Most personality scales are based on evaluating illness. Popular measures like the Big Five Inventory and the Inventory of Interpersonal Problems inherited psychology's focus on pathology rather than wellness. The Conflict Analysis Battery changes this emphasis, shifting towards an understanding of mental health as opposed to mental illness. 

Rather than concentrating on personality, The Conflict Analysis Battery introduces the construct of relational modalities, a reference for the underlying unconscious patterns that drive our behavior. Whereas personality is typically a vague reference, relational modalities are clear relational concepts that are based on power and power management. Through coming to recognize your relational modality, you are gaining transformational skills, helping you to understanding your patterns, and start to make changes to improve upon these patterns. 

The Conflict Analysis Battery uses the Relational Modality Evaluation Scale (RMES) to measure relational modalities. It features four relational subscales: the Dominant Cooperative Scale, the Dominant Antagonistic scale, the Submissive Cooperative scale, and the Submissive Antagonistic scale. It also includes a measure of tension and stress, the Psychic Tension scale.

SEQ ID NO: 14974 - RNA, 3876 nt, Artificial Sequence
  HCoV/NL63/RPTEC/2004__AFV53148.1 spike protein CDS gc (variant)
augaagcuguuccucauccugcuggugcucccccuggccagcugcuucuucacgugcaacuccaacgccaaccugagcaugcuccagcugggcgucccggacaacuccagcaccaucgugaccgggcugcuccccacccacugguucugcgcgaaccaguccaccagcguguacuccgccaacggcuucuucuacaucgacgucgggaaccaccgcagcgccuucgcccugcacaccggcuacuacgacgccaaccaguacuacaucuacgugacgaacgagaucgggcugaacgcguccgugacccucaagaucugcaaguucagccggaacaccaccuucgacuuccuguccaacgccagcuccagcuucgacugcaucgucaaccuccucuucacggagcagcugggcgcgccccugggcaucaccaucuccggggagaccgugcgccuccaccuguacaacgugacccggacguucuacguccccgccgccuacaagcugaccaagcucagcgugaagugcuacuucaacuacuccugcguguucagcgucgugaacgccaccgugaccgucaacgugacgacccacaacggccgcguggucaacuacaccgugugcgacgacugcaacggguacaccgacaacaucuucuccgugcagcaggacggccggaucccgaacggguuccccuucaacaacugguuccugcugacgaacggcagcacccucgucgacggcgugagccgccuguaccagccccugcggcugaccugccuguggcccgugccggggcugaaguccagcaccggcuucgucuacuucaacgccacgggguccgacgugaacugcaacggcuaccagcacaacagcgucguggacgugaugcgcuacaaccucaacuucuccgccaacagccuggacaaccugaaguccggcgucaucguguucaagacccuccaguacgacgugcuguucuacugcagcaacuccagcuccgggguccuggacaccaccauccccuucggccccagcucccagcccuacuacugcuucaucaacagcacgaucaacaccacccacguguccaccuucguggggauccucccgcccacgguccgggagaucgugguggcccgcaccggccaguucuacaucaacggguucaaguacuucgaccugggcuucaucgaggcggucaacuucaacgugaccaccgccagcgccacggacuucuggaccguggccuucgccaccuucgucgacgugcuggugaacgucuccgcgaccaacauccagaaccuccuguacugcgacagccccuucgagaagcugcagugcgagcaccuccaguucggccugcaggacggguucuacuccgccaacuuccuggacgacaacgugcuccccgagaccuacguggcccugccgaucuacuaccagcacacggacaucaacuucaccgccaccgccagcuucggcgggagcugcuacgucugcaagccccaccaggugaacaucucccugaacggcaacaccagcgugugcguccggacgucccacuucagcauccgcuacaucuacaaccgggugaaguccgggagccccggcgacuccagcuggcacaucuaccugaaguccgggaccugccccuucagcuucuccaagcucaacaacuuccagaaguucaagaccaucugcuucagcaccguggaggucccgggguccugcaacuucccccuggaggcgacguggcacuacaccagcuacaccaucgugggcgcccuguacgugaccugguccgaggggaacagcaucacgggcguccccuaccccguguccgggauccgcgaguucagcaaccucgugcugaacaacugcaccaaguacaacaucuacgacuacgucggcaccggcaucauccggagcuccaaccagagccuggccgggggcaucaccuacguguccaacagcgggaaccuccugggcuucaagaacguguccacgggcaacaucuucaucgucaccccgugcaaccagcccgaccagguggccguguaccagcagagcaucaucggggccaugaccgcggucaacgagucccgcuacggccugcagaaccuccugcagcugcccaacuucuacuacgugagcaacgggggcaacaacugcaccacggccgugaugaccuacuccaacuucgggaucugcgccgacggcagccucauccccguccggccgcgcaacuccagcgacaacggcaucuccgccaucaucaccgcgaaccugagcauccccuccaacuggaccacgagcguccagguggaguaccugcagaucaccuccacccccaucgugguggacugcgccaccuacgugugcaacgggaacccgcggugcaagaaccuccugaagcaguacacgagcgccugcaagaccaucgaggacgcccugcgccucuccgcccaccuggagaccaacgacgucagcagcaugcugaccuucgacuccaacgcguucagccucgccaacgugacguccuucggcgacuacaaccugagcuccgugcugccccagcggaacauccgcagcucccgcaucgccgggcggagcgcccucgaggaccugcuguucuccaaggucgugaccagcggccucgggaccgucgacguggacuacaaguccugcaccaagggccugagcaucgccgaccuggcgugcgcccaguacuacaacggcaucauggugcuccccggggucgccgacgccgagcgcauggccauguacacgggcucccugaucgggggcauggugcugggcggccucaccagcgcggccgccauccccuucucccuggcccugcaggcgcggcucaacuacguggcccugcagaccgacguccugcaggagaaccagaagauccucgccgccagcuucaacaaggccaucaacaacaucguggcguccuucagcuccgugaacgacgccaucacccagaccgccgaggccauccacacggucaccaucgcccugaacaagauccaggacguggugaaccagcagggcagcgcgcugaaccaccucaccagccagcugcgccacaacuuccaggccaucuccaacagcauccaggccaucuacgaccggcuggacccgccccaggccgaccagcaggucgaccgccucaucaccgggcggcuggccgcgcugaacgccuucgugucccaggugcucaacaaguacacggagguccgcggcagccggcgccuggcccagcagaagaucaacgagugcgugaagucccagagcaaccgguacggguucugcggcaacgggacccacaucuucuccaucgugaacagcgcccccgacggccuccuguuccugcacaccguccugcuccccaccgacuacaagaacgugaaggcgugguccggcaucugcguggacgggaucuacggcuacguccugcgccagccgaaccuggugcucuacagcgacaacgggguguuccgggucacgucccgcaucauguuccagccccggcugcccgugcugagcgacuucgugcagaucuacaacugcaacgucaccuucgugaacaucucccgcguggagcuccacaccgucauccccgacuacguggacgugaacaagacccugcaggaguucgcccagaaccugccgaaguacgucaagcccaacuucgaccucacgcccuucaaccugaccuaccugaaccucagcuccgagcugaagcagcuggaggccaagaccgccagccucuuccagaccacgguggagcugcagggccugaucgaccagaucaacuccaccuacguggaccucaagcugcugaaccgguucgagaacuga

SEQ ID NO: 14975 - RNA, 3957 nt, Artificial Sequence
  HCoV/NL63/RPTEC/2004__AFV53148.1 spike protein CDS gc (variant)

As a way of conceptualizing these scales and the modalities they measure, it is useful to reference the Wizard of Oz's four characters walking the Yellow Brick Road, Dorothy, the Cowardly Lion, the Scare Crow, and the Tin Man, as depicting the four relational modalities.

 

The RMES is a personality inventory that is used to identify one’s own personality. Though the Wizard of Oz characters are presented as problematic, needing the magical intervention of a wizard, we recognize them as referencing wellness psychological diagnoses. Their features are constellations of emotions and behaviors. They are different from the current diagnostic categories that are based on illness as opposed to wellness. The four relational modalities vary along the axes of power/ powerlessness and cooperation / antagonism. It is important to know them because they may decompensate and manifest with different symptom patterns. The Oz heroes’ characteristic strengths and weaknesses help to chart the path to first, understand oneself, and secondly, to modify the emotional sequence by either lessening power, the state of activity or increasing it, reversing antagonism to cooperation and finding healthy stance of mutual respect versus alienation.